“It was harder to get here than I expected,” admitted Dawson, “given the difficulties of getting the course constructed.”

Golf delivered a course that proved to be up to the test with the potential of leaving a true legacy in Rio thanks to architect Gil Hanse, who was last seen sleeping off what has been a difficult few years.

Let the record show the game did have some participation issues, specifically on the men’s side where four out of the top 5 in the world rankings took a pass on Rio, but given the response from those who did make the trip, that shouldn’t be a problem in Tokyo - site of the 2020 Games - and beyond.

There were those who argued that golf in the Olympics was an unnecessary evil, that the game’s majors were the pinnacle of success and didn’t need any company, but as many athletes explained over the last two weeks, the Games are simply a different side of the same coin – neither better nor worse than a Grand Slam, just different.

“Saying it’s worth less than a Grand Slam [event] is not a reason for not playing,” Dawson said. “If that was the logic you’d never play any tournament other than a major. You wouldn’t play the Phoenix Open, you wouldn’t play the John Deere [Classic].”

But golf’s reach in its first Olympics in over 100 years went well beyond the confines of the golf course.

Sunday’s coverage of the men’s competition on NBC and Golf Channel ranked as the second-highest rated 90-minute window of final round golf coverage in 2016 with a combined 5.6 household rating and 8.8 million average viewers, behind only the Masters, which is kind of a big deal in golf.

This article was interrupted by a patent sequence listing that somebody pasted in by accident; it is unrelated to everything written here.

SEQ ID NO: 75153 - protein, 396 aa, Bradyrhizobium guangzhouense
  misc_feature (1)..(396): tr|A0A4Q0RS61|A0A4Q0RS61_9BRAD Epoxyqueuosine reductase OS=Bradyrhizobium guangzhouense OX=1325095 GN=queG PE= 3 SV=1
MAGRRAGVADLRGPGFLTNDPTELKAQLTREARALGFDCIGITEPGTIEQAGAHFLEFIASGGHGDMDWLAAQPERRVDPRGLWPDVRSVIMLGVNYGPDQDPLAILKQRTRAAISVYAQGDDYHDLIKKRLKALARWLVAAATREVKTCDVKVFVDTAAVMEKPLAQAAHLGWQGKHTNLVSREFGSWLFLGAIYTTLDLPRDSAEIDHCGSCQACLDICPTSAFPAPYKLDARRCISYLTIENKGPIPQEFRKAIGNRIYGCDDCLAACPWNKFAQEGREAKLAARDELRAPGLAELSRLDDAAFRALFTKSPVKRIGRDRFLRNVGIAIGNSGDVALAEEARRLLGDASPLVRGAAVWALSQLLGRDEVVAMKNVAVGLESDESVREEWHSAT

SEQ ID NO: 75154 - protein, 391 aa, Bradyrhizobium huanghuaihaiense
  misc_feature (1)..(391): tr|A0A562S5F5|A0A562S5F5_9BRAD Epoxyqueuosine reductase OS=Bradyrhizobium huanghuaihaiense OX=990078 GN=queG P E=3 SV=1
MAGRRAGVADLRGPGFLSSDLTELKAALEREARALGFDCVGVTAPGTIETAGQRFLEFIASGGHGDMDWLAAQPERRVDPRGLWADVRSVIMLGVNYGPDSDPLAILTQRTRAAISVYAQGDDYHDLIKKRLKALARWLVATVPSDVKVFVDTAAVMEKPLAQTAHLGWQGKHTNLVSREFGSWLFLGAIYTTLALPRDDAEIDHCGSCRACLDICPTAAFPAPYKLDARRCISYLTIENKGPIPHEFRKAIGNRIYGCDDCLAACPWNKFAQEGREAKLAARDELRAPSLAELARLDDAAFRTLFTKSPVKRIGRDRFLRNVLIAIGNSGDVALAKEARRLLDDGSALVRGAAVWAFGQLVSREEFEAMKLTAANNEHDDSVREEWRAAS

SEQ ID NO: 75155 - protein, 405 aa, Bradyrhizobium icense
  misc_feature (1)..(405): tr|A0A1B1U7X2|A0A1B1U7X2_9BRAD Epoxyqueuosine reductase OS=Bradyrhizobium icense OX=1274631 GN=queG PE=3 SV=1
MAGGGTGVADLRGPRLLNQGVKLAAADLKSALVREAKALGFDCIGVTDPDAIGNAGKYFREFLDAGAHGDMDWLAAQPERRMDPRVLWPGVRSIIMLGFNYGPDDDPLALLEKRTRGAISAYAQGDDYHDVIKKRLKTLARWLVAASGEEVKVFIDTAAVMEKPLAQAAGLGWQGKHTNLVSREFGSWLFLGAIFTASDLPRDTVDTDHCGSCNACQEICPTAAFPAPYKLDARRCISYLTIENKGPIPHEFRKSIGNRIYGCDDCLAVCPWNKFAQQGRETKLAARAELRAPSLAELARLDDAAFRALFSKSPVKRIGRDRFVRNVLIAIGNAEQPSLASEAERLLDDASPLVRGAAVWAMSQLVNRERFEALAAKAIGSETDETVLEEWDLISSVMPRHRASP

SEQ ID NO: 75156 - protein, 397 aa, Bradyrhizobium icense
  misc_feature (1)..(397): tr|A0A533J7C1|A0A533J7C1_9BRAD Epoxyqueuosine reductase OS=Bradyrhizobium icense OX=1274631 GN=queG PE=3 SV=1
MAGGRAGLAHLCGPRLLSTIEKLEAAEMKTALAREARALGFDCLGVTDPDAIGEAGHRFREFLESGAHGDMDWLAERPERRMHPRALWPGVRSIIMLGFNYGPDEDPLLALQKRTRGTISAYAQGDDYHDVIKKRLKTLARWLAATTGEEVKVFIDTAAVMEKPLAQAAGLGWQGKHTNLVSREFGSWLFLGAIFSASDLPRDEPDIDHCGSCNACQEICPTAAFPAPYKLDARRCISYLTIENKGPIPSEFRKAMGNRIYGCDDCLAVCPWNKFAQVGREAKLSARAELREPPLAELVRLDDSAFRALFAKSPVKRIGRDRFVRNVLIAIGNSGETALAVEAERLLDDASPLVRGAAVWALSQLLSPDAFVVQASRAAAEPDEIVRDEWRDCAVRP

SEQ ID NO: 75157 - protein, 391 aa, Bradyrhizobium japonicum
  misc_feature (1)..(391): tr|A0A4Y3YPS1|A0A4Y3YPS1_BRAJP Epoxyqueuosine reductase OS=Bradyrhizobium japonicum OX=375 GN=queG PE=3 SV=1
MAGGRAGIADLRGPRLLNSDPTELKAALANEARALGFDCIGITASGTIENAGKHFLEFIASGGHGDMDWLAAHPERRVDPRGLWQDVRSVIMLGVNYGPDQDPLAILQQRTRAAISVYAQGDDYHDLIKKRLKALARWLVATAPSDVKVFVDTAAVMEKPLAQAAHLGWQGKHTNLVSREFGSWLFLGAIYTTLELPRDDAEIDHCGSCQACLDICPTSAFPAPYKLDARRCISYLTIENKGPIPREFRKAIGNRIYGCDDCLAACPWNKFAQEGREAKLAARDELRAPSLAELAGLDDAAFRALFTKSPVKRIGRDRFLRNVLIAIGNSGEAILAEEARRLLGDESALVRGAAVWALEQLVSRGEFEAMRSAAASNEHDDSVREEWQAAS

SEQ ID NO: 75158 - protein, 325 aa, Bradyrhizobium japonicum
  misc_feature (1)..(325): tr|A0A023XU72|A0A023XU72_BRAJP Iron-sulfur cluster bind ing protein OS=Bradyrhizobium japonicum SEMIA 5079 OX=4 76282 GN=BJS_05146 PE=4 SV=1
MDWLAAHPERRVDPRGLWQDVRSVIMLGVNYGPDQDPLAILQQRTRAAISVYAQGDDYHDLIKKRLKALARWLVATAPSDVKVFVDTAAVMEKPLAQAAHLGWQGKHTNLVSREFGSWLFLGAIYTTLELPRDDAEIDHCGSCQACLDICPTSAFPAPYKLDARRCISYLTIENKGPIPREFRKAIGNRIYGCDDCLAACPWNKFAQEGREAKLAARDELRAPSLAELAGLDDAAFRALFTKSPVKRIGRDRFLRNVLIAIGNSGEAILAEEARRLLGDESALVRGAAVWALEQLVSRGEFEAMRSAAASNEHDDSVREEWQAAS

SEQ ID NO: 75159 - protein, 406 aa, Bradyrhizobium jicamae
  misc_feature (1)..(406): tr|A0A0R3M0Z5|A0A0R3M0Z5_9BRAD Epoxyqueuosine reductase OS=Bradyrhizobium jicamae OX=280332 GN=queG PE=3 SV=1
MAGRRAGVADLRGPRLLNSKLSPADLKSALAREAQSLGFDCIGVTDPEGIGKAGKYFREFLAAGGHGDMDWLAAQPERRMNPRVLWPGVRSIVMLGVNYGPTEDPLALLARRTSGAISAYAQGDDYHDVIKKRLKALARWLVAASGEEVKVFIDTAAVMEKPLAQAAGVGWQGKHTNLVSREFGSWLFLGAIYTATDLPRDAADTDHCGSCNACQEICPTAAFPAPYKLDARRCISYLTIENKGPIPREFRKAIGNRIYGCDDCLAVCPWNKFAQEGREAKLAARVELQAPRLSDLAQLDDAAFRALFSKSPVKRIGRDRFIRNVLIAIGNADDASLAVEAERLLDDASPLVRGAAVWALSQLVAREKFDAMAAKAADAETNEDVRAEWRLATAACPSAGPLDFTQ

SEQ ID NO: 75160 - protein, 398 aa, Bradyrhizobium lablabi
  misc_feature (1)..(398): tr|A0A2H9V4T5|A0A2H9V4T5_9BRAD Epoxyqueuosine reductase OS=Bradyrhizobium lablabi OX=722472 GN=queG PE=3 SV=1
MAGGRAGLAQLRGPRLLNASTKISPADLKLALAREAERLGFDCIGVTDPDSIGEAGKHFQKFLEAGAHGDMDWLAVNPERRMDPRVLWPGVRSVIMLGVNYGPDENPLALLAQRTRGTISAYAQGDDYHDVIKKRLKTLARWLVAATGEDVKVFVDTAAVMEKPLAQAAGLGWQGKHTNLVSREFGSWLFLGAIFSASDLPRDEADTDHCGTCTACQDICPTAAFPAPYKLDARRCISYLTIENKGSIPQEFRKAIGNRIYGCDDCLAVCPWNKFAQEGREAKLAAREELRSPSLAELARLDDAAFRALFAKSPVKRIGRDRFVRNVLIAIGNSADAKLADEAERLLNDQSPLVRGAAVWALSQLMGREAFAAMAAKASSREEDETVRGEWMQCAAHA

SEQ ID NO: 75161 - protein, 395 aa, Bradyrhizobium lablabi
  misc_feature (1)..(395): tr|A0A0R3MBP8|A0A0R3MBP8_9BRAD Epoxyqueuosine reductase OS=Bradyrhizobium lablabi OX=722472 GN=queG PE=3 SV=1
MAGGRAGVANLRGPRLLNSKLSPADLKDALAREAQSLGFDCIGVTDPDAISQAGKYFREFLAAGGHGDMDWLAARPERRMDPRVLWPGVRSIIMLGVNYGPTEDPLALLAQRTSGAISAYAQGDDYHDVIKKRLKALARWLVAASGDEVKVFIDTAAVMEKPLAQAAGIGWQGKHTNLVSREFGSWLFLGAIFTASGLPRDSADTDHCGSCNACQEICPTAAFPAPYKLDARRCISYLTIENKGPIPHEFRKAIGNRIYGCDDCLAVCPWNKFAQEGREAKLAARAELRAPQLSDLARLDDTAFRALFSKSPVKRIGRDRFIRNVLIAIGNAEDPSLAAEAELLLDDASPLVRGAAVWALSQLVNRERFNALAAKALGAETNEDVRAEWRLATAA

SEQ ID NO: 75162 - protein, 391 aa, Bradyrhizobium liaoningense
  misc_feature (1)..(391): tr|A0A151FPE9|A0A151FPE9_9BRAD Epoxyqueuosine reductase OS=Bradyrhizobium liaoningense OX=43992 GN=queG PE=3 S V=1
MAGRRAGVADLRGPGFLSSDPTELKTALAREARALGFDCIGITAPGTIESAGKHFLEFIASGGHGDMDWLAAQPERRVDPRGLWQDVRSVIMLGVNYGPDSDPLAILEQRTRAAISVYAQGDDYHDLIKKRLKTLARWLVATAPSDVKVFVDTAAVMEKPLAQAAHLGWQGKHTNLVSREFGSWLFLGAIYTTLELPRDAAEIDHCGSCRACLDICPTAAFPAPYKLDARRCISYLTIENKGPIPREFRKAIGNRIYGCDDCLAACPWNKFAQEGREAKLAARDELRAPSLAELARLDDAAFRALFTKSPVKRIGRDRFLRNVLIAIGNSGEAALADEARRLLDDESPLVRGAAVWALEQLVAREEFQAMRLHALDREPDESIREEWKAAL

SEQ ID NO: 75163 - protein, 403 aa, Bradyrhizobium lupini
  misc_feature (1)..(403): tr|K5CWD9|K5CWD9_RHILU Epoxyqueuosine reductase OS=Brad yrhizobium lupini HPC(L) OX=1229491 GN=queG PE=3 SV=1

Even the galleries exceeded expectations, with the final round of the men’s event sold out, which was no small thing considering that golf in Brazil is very much a curiosity.

The commercial impact of golf’s return to the Games will take some time to gage, but anecdotally consider the potential impact a soft-spoken 18-year-old could have in India, where an estimated 75,000 people play golf out of 1.25 billion citizens.

On Thursday Aditi Ashok carded a second-round 68 to move to within three strokes of the lead, setting off a frenzied attempt to put the Indian teen’s accomplishment in context. Consider that over 400,000 Indians searched for Ashok’s name on Google after Round 2 in Rio, that was more than searched for “Rio Olympics” and “Ryan Lochte,” for what’s it worth (as an aside, “golf” Google searches spiked over 110 percent during the Games).

For at least a single afternoon, golf mattered in a country where golf never matters. Where the 10 most popular sports, according to Indian Golf Union council member Dilip Thomas, are “cricket, cricket, cricket and cricket . . . ”